The Outsiders: Main Theme of Innocence

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When we are young, we are curious about life. We are nature's first green. Young, carefree, and worriless. We lived happily without stress. This is not an easy thing to keep. Those days slowly become harder to have as you get older. We have responsibilities and more worries. This same thing goes on in the novel The Outsiders written by S.E. Hinton, where one of the main themes is innocence. The definition is different than what you might think. For the characters, it is not just about what they have seen or done, it is how that changes them, and if they can still find positive aspects in the world.

Loss of Innocence In The Outsiders

All of the boys have a different innocence because of the way they see their life and the world around them, whether it is Ponyboy watching sunsets, Johnny still finding the little things that make him happy like reading, or Dally giving up on loving anything. Ponyboy is the narrator of the story and tells his world from his own perspective. He is much more innocent than many of the characters in the book because he is thankful for what he still has.

As Ponyboy says in the novel I'll fight anyone anytime, but I don't like to which means he doesn't like to fight and hates violence, but living where he does takes away innocence because violence is a part of life. He is not like the other boys in a way, because he said I liked my books and clouds and sunsets which are still things that make help you maintain your innocence. But for Pony, he still had traumatic experiences that made him lose innocence such as when Mom and Dad were killed in an auto wreck, Ponyboy had to grow up faster.

He had to go through the feeling of loss which made him lose innocence, although he sees a positive in this because he didn't lose his brothers. His brother Darry had to step up and take his father's place and that meant the Ponyboy wouldn't have the fun lighthearted Darry anymore. Overall, Ponyboy is less innocent than most of the characters in the book because he chooses to not follow the stereotypes of being a Greaser such as getting into fights. Another character who is similar to Ponyboy is Johnny.

Johnny didn't have a great home life and he wasn't loved there, although he still managed to keep a little innocence. If it hadn't been for the gang, Johnny would never have known what love and affection are. (pg. 11.2) Johnny only maintains his innocence because of the gang. He doesn't have a good home life and he is neglected and abused. He lost a lot of innocence because he doesn't have a family to love and care for him one of his main sources of innocence is the gang. He also is selfless and he is not hardened like Dally.

That was the only time I can think of when I saw him without that defeated, suspicious look in his eyes. He looked like he was having the time of his life. (pg. 79.2) He decided to go into the fire instead of standing back like Dally and help the kids. This shows that he is up for an adventure and cares about others. He knows that he doesn't have a great future, so he decided to risk his own life to help kids who might have more of a chance. In conclusion, Johnny is somewhat innocent because he has the gang to love him and he cares about others, although he doesn't have a good home life. Johnny is more similar to Dally than Ponyboy because of his family.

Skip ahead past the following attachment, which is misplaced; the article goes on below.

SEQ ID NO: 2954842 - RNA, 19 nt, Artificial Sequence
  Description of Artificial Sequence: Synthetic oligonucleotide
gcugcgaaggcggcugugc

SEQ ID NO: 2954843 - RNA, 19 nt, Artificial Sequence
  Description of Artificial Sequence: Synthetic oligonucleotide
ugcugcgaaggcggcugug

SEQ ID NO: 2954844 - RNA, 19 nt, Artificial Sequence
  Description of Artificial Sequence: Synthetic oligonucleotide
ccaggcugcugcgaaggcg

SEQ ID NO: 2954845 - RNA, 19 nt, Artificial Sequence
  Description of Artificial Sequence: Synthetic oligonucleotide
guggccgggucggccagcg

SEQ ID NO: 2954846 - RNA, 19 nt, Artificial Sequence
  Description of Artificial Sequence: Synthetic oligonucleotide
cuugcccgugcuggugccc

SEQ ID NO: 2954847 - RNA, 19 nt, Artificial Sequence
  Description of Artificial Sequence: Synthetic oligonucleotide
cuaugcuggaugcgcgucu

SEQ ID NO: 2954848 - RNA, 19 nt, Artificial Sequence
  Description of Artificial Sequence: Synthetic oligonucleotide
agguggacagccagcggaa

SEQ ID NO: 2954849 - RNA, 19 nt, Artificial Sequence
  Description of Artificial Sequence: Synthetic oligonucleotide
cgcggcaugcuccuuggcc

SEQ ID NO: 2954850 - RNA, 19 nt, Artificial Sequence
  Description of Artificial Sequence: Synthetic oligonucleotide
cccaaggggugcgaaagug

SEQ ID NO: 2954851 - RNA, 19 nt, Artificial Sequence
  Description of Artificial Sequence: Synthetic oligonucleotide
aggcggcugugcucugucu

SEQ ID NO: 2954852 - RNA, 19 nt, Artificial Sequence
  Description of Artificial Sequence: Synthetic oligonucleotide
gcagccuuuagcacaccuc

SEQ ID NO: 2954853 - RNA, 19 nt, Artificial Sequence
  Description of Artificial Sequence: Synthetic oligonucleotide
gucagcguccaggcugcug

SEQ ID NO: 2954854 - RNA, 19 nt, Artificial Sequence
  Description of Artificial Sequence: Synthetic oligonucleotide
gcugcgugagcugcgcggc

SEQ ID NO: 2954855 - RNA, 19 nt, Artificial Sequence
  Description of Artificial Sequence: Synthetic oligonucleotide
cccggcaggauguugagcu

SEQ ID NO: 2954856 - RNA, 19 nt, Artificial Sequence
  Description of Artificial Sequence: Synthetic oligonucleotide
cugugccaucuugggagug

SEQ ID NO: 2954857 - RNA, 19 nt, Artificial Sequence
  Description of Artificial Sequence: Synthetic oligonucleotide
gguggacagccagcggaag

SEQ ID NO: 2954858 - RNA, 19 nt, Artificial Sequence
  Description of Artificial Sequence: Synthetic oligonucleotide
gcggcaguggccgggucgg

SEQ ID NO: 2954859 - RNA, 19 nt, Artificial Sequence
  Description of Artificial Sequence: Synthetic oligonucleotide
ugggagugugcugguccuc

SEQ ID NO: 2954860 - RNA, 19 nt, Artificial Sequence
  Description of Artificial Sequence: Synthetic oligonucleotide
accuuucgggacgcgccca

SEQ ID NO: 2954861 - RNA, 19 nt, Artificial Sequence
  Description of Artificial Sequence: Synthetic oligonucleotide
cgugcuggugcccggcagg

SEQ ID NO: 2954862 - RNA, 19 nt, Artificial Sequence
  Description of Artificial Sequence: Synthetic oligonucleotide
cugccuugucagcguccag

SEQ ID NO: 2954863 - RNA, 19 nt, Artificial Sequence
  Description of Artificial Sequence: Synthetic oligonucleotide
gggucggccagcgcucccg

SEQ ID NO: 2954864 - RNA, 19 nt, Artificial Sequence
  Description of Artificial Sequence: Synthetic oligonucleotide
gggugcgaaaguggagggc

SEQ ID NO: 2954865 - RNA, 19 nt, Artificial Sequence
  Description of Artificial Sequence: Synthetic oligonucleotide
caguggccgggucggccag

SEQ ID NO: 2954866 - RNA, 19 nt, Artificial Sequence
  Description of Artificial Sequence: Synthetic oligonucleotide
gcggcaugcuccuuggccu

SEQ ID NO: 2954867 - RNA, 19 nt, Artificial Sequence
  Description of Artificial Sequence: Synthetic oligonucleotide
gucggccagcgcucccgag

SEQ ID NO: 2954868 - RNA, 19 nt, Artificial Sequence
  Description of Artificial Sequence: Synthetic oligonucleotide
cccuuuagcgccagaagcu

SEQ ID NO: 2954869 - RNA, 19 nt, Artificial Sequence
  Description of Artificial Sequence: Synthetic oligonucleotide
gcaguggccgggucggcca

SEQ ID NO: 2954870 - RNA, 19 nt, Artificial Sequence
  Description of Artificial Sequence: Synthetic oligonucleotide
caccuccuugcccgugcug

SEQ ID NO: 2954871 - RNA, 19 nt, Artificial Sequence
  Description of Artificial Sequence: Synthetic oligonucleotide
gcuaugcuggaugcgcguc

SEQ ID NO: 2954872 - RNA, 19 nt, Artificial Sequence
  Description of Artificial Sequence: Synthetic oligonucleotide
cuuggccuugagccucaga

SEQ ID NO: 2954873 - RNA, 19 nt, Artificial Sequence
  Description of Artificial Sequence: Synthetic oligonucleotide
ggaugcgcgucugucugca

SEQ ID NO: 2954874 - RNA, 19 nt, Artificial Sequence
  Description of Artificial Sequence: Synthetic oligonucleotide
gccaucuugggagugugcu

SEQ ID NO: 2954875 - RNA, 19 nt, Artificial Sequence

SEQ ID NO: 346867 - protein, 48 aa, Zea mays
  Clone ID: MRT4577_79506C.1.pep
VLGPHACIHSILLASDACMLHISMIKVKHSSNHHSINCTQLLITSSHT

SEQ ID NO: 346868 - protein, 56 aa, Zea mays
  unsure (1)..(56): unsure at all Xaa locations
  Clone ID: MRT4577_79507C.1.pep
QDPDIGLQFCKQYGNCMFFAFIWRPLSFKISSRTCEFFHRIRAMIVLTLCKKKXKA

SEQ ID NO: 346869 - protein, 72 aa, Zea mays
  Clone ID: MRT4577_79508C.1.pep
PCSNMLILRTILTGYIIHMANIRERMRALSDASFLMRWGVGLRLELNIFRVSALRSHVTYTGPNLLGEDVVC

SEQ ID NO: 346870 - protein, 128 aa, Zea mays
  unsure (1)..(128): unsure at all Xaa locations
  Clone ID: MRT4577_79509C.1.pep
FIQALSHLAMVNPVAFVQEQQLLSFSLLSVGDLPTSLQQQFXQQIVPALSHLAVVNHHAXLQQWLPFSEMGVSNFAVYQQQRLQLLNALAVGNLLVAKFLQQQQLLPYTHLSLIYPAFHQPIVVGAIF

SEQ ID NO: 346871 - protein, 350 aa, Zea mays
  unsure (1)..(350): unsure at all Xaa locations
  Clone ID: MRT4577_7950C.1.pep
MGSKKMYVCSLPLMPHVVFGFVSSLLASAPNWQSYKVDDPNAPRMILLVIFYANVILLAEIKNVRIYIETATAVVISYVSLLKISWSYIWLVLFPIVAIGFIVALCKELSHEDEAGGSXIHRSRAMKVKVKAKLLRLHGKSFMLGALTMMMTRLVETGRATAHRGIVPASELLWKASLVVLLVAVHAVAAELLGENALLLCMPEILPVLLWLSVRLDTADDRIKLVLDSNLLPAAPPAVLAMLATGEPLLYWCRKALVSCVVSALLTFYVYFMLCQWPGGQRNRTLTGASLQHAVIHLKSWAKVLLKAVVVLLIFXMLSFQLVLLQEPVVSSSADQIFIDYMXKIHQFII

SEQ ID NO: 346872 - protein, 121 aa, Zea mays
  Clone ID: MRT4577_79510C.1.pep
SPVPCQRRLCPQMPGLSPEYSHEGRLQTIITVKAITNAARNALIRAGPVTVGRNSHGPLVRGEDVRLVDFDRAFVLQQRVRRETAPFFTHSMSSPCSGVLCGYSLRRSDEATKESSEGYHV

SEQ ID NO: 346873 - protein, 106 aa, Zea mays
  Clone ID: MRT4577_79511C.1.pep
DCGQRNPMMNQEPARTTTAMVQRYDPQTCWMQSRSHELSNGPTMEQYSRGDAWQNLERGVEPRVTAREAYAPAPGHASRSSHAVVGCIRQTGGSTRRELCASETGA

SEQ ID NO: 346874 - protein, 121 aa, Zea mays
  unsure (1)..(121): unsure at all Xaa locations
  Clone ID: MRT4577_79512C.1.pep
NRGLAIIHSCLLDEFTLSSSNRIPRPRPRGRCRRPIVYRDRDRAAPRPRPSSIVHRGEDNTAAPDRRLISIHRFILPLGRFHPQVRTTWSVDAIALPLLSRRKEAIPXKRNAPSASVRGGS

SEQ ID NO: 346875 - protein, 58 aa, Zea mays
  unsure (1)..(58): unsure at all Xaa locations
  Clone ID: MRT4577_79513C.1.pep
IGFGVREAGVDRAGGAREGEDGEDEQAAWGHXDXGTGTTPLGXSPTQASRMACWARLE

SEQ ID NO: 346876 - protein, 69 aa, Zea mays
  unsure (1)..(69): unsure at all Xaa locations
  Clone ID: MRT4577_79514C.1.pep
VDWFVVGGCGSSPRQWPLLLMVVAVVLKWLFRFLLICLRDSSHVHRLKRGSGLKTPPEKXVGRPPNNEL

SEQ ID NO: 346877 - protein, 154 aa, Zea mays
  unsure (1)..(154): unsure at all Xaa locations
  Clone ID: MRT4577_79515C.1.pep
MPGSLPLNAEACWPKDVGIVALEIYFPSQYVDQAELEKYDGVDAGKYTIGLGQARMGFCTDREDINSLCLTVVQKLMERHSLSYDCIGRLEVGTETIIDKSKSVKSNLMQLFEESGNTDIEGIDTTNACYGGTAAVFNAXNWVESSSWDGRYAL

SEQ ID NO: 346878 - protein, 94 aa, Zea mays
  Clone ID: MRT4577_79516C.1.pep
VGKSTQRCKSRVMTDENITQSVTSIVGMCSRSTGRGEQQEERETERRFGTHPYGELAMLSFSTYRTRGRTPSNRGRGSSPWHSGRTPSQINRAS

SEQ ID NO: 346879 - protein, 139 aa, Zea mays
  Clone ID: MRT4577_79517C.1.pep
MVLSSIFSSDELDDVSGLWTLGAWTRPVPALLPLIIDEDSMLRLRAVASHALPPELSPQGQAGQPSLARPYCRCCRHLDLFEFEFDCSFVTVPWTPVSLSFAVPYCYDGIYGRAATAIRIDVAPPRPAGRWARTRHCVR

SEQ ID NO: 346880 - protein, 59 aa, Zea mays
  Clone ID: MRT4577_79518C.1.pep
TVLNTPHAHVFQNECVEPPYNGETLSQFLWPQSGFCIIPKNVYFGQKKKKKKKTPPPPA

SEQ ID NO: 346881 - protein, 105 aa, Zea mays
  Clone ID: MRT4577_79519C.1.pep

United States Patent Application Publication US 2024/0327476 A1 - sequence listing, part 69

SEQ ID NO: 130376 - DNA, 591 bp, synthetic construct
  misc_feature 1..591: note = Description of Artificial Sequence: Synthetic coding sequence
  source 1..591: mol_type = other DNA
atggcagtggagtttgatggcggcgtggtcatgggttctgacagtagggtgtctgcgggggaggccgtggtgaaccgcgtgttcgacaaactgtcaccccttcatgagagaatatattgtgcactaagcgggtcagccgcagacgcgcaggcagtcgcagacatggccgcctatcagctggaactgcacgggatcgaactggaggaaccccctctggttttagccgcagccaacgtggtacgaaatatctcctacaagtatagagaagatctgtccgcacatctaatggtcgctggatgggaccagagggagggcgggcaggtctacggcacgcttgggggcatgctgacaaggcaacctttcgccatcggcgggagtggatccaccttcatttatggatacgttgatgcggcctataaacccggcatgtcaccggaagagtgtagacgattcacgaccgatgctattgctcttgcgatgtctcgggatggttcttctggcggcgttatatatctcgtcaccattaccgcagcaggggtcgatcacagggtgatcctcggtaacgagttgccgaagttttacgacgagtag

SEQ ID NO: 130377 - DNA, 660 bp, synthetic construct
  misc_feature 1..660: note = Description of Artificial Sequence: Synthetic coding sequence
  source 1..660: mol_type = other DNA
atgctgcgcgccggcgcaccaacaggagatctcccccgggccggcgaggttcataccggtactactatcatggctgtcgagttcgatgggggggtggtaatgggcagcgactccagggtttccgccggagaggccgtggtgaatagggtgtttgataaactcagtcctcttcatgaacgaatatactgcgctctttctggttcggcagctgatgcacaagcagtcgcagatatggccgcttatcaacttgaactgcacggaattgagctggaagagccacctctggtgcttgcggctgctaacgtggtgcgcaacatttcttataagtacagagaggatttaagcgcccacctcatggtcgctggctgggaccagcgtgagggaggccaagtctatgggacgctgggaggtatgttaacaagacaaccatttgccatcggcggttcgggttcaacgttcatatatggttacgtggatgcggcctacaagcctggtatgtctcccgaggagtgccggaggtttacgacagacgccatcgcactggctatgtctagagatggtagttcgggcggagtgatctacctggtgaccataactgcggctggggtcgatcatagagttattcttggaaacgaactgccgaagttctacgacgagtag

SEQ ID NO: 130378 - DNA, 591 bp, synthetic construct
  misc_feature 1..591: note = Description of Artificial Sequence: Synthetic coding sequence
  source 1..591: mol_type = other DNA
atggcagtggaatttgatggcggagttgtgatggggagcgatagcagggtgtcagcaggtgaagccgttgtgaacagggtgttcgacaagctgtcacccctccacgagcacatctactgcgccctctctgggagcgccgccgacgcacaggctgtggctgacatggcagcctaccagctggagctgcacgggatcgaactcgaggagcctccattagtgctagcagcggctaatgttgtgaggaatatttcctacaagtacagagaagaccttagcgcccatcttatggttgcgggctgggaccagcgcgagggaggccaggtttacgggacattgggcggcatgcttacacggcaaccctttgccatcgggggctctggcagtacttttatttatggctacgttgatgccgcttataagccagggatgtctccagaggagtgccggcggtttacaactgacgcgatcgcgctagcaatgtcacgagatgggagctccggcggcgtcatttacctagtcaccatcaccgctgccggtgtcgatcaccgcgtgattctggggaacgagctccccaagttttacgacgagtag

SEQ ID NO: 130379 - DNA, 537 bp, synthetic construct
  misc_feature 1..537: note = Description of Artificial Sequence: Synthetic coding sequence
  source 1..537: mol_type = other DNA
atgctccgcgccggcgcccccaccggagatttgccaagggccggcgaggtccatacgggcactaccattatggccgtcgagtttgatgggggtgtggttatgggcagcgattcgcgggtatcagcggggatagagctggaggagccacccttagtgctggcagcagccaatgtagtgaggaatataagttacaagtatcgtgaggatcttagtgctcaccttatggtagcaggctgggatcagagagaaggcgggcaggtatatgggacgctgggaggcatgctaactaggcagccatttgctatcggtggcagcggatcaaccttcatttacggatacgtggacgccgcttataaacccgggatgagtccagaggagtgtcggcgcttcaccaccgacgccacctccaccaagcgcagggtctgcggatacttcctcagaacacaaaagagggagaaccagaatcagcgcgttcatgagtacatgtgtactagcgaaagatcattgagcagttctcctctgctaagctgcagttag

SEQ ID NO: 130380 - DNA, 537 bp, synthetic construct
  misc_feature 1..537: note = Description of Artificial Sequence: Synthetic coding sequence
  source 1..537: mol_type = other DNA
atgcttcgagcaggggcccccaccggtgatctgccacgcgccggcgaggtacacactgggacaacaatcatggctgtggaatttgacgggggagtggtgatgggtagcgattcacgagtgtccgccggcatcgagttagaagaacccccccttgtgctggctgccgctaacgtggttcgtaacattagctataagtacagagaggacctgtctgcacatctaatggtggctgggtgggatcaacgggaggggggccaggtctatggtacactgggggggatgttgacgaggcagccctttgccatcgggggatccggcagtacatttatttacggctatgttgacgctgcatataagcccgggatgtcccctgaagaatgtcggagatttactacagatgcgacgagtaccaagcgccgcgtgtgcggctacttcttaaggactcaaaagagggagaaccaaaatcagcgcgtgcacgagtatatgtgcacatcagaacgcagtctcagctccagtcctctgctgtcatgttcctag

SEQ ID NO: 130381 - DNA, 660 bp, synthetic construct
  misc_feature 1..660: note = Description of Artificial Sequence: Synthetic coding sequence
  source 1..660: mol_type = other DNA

Dally has hardened himself up and he lost all of his innocence in his hard life. Dally has had to harden up at a young age. Dally had spent three years on the wild side of New York and had been arrested at the age of ten (pg. 10.2). He grew up in a rough neighborhood which made him have to toughen up at an early age so he didn't get hurt. He never got the real affection of a father either, and the only people who love him is the gang. The only innocence he had left came from the gang, and especially Johnny. "Dammit, Johnny..." he begged, slamming one fist against the wall, hammering it to make it obey his will. "Oh, dammit, Johnny, don't die, please don't die..." Johnny was Dally's last shred of innocence, and nobody can live without any innocence at all, so Dally didn't have anything else to live for. Overall, Dally is the least innocent of the gang because he turned cold and hard since you don't get hurt that way.

The boys all have a different innocence because of the way their lives are whether it is Dally living on the streets of New York, Johnny having a terrible home life and only being loved by the gang, or Ponyboy losing his parents, they all went through something that made them less innocent. Ponyboy is more innocent than many members of the gang because he can still find positive aspects of his life such as not losing his brothers, and having a gang who loves him.

Johnny is less innocent than Ponyboy because he doesn't have a family who loves him, and that impacts him and makes him see his home life very negatively. Dally has completely lost his innocence and love for the world. He hardened himself because he thought that you don't get hurt if you get tough. Because we all have different lives and experiences that make us who we are. If everyone had the same innocence and views that would not make a diverse world. It is not just about what you have seen, it is about how that changes who you are and your personality.

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The Outsiders: Main Theme of Innocence. (2019, Nov 13). Retrieved July 19, 2024 , from

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